NJ High Court Says Clear Act of Surrender Defeats Police Officer Immunity from Lawsuit

By August 5, 2020Injury Law

Recently in Baskin v. Martinez the New Jersey Supreme Court ruled that evidence of a clear act of surrender will defeat a police officer’s qualified immunity defense in a use of deadly force civil lawsuit.

The case involved an armed suspect who was shot by a Camden police officer after putting his hands up to surrender. The incident began when the Camden police pulled over the plaintiff for failing to engage his turn signal. After being boxed in by two police cars, the plaintiff hit one of the police cars while attempting to flee the scene. He then started to run through a residential area. During the chase he was observed with a handgun tucked in his waistband and later running with it in his hand. The chase ended with the plaintiff entering a walled-in residential backyard. He apparently tossed the gun and stopped fleeing. According to the plaintiff and an eyewitness, he placed his empty hands over his head and remained in that position until a detective shot him. According to the detective, after arriving in the backyard, he saw the plaintiff turn around with his right arm extended straight in front of him, pointing a black object. At that point, the detective shot the plaintiff in the abdomen. The police later found the handgun in the backyard along with two cell phones.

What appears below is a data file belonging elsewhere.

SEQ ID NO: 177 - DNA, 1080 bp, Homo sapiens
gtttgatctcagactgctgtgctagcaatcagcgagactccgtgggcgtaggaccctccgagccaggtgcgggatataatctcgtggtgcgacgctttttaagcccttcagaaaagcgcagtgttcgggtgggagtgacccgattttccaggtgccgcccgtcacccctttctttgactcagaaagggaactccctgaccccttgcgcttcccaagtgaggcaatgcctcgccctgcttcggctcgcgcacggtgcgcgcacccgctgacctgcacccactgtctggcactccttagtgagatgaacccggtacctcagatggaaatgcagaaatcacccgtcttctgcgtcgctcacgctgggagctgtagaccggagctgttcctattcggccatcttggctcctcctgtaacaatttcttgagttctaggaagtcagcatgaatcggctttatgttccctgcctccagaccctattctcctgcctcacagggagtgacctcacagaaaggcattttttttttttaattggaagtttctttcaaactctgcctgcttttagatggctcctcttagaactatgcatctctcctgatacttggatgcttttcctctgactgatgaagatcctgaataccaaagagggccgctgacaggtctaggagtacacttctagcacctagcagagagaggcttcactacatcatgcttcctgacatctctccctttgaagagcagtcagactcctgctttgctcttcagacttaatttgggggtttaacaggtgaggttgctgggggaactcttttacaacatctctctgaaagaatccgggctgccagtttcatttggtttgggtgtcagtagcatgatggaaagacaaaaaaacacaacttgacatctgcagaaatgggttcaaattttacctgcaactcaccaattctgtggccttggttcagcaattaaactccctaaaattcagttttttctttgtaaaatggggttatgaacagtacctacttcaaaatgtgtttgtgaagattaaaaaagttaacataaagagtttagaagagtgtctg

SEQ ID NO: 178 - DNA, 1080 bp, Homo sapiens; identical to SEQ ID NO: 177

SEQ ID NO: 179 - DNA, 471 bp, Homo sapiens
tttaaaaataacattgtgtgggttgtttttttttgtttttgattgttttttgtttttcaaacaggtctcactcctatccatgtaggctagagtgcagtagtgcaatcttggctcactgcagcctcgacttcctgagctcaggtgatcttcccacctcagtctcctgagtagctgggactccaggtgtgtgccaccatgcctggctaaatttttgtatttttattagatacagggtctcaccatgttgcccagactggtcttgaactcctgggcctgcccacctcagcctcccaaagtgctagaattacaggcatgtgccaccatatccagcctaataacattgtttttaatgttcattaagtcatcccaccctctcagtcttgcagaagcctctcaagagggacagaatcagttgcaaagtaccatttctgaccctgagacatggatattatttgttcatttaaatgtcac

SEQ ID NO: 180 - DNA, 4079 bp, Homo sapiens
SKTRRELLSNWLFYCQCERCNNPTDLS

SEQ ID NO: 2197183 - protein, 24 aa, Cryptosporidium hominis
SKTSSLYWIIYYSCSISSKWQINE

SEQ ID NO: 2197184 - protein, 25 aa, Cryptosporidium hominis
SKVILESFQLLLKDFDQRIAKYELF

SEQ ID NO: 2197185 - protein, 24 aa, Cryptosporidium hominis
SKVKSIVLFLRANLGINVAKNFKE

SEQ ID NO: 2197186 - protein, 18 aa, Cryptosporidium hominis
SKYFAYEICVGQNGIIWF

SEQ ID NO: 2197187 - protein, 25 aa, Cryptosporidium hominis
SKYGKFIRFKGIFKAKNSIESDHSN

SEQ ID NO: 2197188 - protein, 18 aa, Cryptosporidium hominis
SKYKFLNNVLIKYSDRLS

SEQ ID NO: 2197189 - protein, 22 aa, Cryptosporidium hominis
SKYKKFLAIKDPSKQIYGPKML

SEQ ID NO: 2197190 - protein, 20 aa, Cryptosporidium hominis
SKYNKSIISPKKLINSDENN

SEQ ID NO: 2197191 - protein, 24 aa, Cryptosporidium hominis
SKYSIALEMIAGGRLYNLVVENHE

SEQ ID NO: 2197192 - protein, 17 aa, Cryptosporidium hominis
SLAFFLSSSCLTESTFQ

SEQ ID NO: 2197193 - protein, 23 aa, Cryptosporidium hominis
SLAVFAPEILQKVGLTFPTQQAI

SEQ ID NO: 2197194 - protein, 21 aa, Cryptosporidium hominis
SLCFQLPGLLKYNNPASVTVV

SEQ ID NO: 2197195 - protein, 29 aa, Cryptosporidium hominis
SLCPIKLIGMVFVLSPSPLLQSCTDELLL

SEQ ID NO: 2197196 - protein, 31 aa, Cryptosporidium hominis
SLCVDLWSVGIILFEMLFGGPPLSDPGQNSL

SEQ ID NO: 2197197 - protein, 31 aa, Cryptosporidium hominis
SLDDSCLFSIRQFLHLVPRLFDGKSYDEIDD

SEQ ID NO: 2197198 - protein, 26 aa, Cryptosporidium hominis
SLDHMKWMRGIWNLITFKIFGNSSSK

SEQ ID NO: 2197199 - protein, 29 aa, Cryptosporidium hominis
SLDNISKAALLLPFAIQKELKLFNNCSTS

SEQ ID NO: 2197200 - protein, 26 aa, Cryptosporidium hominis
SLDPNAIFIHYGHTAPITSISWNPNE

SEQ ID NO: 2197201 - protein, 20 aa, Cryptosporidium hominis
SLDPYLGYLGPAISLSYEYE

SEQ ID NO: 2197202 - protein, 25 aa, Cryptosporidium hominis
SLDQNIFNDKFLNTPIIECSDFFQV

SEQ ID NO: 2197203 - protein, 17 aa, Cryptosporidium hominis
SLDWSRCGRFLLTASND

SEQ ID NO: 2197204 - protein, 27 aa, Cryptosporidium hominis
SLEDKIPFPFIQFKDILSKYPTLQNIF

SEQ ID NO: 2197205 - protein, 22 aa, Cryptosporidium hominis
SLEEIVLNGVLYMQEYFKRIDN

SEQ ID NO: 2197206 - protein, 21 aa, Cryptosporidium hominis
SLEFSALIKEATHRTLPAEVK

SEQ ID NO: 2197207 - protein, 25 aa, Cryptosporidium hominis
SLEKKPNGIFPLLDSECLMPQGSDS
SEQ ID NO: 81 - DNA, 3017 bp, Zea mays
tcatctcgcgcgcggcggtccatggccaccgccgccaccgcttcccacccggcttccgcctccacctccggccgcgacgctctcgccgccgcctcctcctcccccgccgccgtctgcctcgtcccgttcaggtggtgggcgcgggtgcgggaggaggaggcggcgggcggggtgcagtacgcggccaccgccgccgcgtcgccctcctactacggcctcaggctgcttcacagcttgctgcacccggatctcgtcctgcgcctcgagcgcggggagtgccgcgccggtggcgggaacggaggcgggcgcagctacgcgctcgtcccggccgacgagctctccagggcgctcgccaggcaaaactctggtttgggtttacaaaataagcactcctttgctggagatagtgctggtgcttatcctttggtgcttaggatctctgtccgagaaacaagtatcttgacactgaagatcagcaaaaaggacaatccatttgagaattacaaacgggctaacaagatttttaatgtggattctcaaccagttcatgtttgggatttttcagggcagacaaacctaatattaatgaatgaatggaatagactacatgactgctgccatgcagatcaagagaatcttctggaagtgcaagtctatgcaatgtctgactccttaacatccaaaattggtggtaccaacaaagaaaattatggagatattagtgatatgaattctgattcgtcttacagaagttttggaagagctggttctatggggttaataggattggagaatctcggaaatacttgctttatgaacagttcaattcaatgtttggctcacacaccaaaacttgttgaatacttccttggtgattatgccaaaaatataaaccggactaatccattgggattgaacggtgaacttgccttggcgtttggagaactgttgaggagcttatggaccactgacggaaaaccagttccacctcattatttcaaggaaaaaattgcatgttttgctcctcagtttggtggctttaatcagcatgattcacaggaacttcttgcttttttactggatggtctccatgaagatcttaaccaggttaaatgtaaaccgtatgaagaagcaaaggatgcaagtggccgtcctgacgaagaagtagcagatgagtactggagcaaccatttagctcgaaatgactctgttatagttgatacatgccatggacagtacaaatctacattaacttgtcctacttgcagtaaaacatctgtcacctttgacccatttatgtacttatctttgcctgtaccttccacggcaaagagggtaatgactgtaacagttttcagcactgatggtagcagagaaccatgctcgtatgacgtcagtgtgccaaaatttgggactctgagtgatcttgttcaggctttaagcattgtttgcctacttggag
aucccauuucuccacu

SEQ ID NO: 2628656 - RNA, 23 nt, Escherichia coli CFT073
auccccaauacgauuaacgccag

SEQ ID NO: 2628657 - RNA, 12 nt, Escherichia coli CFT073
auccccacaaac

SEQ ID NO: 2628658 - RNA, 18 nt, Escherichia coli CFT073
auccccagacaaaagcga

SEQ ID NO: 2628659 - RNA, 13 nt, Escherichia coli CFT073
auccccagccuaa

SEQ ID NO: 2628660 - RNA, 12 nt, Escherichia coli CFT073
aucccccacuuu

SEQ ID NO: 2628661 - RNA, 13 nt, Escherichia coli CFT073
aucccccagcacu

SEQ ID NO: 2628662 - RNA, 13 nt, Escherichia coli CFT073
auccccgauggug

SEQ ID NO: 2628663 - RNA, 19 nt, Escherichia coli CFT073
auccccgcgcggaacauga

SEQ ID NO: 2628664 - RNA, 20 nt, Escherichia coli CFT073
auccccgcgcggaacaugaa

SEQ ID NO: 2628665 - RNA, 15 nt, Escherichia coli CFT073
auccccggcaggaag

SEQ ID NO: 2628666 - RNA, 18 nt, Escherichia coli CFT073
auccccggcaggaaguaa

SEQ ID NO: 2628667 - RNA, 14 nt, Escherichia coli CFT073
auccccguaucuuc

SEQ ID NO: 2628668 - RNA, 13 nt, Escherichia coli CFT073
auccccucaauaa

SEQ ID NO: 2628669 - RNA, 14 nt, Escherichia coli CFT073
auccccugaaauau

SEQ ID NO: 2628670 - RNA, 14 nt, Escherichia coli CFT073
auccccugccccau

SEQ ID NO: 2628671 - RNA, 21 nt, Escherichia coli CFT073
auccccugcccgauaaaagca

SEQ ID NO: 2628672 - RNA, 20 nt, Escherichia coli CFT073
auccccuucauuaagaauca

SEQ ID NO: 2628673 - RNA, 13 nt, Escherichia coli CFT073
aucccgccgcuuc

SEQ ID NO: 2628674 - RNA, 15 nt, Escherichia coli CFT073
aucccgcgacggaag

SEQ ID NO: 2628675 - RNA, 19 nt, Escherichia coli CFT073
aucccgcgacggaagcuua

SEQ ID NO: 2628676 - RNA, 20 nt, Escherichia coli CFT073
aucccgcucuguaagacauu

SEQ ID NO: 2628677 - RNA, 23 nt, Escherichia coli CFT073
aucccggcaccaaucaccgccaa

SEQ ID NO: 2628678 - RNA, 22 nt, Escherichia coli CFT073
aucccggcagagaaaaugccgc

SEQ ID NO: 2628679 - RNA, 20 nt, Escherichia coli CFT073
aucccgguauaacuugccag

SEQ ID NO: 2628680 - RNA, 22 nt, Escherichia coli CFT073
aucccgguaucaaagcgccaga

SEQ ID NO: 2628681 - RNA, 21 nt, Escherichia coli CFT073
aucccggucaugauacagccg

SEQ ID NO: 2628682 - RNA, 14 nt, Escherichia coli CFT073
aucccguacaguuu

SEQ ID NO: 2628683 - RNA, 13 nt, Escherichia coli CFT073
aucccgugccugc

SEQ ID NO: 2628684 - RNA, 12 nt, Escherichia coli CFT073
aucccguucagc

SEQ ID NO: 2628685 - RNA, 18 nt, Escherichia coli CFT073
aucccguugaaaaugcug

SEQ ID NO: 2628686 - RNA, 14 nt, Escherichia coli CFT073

The plaintiff sued the detective arguing that the detective used excessive force during his arrest, violating his Fourth Amendment right to be free from “unreasonable” seizures. The detective argued that he was entitled to qualified immunity because his use of deadly force was objectively reasonable. The lower court agreed with the detective and dismissed the case, reasoning that, notwithstanding the position of the plaintiff’s hands, the detective was reasonable in his actions. The New Jersey Supreme Court, however, disagreed finding that the reasonableness in using deadly force was dependent on whose version of events the jury believed. Ultimately it was for the jury to decide whether the detective acted reasonably.

In deciding the issue, the Court noted that even when an officer is initially justified in using deadly force, he cannot use such force when it is evident that the suspect no longer poses a threat. The Court stressed that it is the judicial system’s role to decide a suspect’s guilt, not the police. Courts all over the country agree that shooting a suspect with his hands in the air in an act of surrender is a violation of his constitutional rights, regardless of the suspects’ actions before surrendering. In this case, the Court agreed that the detective had a legitimate basis to be concerned for his safety. However, a police officer may not use the qualified immunity defense when the use of deadly force was not justified.

The case is now being sent back to the trial court so a jury can determine which version of events to believe. If the jury finds that the plaintiff was shot with his hands up, then the detective will not be protected by qualified immunity.

In a dissenting opinion, Supreme Court Justice Solomon argued that, based on the totality of circumstances, the detective should still be entitled to qualified immunity, even if a jury found that the plaintiff’s hands were in the air. Justice Solomon pointed out that qualified immunity shields reasonable actions made in a split-second, unless those actions are plainly incompetent or knowingly in violation of the law.

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